Playing With Wolves

What do you do when you discover that you are really wrong about something? Blog about it, I suppose. Ever since I wrote Dogs Never Lie About Love, and in several books about animals since (including my recent The Dog Who Couldn’t Stop Loving) I have gone on record as saying that wolves are not suitable as companions (known in the past as “pets”). They are not domesticated, animals, I wrote and no matter how tame, one never knew when they might revert to their nature as a wild animal. Would I allow my young children to play with such an animal? Not likely.

Then two days ago, while in LA with my friend Jeff Nelson, I ran into an old acquaintance, Lorin Lindner, a Ph.D. psychologist who many years ago started a parrot sanctuary (www.parrotcare.org) still thriving on 20 acres of garden on the grounds of the VA Hospital in West Los Angeles where returning veterans get to work with therapists with feathers. She told me that she and her husband Matthew now run a wolf sanctuary, in Lockwood, in the hills about an hour north of Los Angeles, off Highway 5, called Lockwood Animal Rescue Center. Manu, 10, and Ilan, 15 were immediately alert: “Dad, please can we go?” So on our way back to Berkeley for a day (before returning to Auckland), we stopped off at the sanctuary. We only had a few hours, but I have to say it was among the most amazing two hours I have ever spent, and my family would concur. As soon as we got out of the car six dogs surrounded us, and without further ado we were ushered into the wolf enclosure (acres of ground) where Manu was immediately the object of affectionate attention. There were wolves licking his face, others rubbing against him like cats, others wanting to play. Ilan and Manu were transported into wolf heaven.

Before I could register a single objection, or even attempt to give voice to my (false) views on how dangerous wolves could be, Lorin and Mathew and the two boys were playing and laughing and running around with wolves of all kinds. “Low content wolves” (the new PC term I learned from Lorin), medium content wolves, high content wolves, and pure wolves, were all as playful, as friendly, as eager to please as any dog I have ever known. We walked over the house, and there, on the balcony, were another 8 wolves. They had two acres to play in, but they were all eagerly awaiting us, tails wagging, chuffing with delighted anticipation. They wanted to be around humans! And these were all wolves who had been rescued. One had even been shot by a human, but found it in her heart to forgive. Others had been abandoned, or had become too wild to keep. But with the love that Lorin gives them constantly, they have become completely reliable animals who would never dream of hurting a human who comes to them with love.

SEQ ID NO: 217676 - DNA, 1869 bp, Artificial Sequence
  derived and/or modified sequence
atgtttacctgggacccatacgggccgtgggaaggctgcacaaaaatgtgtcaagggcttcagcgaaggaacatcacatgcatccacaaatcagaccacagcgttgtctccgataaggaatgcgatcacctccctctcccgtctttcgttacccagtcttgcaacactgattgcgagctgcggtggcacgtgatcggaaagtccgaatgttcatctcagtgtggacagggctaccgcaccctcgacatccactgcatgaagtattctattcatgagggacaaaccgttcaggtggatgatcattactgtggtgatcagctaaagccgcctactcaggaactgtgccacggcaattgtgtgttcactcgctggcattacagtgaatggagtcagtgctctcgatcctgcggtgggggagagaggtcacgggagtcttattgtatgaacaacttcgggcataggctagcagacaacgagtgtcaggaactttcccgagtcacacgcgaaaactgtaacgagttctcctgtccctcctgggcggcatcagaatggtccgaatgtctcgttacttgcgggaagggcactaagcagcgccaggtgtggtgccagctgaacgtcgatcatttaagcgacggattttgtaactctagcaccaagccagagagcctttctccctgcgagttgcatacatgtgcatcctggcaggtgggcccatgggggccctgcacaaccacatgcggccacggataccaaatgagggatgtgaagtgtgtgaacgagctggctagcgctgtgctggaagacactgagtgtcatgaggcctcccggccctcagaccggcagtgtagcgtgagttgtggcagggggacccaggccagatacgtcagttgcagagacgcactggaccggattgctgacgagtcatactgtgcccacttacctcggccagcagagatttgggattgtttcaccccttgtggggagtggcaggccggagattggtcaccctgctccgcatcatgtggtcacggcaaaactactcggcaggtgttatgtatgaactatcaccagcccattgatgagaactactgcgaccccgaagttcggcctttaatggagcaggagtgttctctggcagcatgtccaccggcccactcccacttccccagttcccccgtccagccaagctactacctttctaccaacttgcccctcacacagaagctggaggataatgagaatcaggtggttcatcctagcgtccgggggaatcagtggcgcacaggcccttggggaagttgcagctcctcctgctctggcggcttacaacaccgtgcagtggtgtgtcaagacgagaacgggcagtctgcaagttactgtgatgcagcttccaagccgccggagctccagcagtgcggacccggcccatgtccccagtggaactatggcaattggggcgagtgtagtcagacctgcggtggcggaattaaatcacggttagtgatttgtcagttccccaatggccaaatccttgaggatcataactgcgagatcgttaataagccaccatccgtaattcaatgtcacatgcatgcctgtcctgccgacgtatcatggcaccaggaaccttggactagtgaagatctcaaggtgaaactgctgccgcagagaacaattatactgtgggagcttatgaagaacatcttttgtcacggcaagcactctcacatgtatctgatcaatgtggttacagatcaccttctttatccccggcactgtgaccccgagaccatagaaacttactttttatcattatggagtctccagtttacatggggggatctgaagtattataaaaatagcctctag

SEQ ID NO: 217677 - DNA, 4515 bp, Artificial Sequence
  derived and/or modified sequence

Matthew, or as Ilan calls him, Mr. Macho (he built a fence in an afternoon when Lorin requested it), himself a Desert Storm vet, works with combat veterans suffering from PTSD in a program called “Warriors and Wolves.” They are introduced to the wolves and wolfdogs, and the results have been nothing short of miraculous. I urge you to read for yourself (lockwoodarc.org; or call directly 661.245.3111 or you could email her at wolf@lockwoodarc.org) and better yet, make the trip there, and plan to spend some hours with the wolves. I can promise you it will be an experience you will not forget.